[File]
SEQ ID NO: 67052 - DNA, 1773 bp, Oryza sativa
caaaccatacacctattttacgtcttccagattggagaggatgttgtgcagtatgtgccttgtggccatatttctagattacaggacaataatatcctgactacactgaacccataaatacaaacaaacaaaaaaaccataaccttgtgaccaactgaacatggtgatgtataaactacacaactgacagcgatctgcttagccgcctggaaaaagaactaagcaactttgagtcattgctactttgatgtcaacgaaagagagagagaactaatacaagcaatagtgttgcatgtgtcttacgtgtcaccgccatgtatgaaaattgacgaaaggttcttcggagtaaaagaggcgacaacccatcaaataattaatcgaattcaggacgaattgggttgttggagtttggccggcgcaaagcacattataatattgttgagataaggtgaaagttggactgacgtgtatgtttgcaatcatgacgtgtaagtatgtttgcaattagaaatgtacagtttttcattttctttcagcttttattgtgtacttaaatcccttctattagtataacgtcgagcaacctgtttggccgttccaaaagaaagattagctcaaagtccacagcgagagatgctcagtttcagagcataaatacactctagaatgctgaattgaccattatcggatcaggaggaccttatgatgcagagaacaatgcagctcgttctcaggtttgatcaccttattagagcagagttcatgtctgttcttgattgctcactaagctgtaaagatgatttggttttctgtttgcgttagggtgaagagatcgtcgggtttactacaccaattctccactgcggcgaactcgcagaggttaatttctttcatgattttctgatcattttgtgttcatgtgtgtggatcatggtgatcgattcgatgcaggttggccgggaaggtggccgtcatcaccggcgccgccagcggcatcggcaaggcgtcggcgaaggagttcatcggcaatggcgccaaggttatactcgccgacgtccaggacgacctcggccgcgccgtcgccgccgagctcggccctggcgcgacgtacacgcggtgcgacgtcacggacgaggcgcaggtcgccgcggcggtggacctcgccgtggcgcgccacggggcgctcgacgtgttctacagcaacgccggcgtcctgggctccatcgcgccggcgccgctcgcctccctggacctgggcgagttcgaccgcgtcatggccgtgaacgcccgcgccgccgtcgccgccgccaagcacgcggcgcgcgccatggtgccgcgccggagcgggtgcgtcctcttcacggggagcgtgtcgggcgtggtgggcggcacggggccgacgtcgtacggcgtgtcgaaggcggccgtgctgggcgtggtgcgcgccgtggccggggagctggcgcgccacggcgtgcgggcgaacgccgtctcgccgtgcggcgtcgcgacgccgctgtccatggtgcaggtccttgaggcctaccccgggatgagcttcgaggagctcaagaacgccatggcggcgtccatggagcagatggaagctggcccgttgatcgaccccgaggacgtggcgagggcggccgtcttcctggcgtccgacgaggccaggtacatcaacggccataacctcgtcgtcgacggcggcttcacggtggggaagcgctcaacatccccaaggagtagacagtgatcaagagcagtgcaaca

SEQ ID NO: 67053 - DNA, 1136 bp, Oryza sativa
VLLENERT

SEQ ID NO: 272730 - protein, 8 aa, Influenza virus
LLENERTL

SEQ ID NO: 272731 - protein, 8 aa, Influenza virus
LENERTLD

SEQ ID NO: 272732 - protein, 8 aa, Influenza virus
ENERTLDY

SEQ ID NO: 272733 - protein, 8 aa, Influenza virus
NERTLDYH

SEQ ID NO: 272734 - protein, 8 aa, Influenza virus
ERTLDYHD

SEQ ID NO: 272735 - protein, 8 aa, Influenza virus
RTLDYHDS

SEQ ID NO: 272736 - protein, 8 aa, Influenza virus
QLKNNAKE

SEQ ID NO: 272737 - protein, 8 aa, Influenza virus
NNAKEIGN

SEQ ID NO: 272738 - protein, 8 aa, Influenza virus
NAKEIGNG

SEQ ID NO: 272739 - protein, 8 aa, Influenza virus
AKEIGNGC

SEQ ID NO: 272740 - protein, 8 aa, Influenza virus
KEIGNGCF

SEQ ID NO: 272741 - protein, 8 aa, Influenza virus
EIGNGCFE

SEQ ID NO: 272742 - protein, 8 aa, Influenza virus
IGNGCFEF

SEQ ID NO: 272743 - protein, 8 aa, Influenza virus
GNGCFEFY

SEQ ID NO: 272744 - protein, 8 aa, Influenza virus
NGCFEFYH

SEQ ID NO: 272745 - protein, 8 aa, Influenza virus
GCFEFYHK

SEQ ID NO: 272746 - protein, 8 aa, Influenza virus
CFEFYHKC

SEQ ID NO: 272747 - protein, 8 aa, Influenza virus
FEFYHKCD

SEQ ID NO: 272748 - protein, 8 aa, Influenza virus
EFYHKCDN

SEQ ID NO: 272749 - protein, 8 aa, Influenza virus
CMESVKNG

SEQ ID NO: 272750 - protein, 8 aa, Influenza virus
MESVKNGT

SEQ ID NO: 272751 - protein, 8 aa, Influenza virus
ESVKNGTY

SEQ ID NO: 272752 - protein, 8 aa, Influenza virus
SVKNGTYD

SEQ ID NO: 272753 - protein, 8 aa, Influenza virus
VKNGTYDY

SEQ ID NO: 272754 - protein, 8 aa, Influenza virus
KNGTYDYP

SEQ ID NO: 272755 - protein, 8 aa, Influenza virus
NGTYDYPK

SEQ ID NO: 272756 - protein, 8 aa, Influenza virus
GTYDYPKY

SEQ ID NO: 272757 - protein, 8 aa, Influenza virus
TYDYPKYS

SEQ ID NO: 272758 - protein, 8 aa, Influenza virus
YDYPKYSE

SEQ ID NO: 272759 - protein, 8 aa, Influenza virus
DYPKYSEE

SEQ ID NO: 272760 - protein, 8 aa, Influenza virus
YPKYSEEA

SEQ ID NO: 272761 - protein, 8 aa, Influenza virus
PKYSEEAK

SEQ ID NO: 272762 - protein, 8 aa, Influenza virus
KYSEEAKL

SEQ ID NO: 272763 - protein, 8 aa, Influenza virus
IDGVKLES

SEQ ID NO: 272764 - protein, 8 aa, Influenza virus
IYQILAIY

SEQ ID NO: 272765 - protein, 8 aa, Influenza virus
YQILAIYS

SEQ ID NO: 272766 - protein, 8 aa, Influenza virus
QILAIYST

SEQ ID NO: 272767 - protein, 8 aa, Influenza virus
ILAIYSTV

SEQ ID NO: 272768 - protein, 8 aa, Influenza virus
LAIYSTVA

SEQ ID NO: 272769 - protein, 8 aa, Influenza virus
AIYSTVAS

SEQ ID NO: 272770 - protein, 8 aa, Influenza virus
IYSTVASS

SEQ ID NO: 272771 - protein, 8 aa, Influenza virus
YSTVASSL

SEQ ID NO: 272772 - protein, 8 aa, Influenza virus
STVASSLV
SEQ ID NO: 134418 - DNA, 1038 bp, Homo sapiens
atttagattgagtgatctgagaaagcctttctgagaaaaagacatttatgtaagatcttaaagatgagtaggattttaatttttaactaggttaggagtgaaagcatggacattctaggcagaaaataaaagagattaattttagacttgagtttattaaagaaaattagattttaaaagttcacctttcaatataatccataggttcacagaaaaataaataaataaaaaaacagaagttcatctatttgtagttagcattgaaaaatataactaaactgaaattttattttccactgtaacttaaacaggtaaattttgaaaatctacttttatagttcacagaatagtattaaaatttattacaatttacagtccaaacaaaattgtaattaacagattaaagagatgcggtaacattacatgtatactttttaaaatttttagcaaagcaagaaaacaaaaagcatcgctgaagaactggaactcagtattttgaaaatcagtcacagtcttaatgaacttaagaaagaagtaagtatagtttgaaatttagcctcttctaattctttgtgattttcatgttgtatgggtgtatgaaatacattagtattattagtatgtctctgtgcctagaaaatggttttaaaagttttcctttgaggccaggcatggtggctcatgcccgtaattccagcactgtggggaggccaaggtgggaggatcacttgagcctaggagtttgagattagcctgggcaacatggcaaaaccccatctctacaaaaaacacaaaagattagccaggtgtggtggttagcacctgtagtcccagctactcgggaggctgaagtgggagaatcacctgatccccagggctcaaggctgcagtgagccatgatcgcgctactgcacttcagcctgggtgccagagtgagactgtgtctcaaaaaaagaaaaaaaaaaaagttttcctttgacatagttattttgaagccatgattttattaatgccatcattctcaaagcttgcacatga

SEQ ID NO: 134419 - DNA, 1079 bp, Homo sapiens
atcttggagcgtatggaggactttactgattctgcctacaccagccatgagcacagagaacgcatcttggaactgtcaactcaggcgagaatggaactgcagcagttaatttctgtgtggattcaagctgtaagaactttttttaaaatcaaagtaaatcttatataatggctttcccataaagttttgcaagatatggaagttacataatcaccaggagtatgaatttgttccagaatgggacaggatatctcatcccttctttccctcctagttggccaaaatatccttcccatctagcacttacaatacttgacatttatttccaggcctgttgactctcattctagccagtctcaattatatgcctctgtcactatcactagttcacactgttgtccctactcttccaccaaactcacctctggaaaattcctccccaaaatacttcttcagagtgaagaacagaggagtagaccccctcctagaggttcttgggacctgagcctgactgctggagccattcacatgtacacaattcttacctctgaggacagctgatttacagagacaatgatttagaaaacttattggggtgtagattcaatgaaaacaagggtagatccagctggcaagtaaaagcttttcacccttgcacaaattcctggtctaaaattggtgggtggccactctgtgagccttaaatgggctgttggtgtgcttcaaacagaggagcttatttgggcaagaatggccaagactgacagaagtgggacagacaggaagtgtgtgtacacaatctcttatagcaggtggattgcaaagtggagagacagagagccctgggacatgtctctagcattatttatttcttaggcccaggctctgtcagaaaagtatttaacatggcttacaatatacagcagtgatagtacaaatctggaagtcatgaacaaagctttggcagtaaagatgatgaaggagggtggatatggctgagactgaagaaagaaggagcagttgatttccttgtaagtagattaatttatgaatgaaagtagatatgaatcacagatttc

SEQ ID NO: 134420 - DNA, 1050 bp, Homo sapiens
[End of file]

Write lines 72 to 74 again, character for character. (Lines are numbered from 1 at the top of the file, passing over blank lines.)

IDGVKLES

SEQ ID NO: 272764 - protein, 8 aa, Influenza virus
IYQILAIY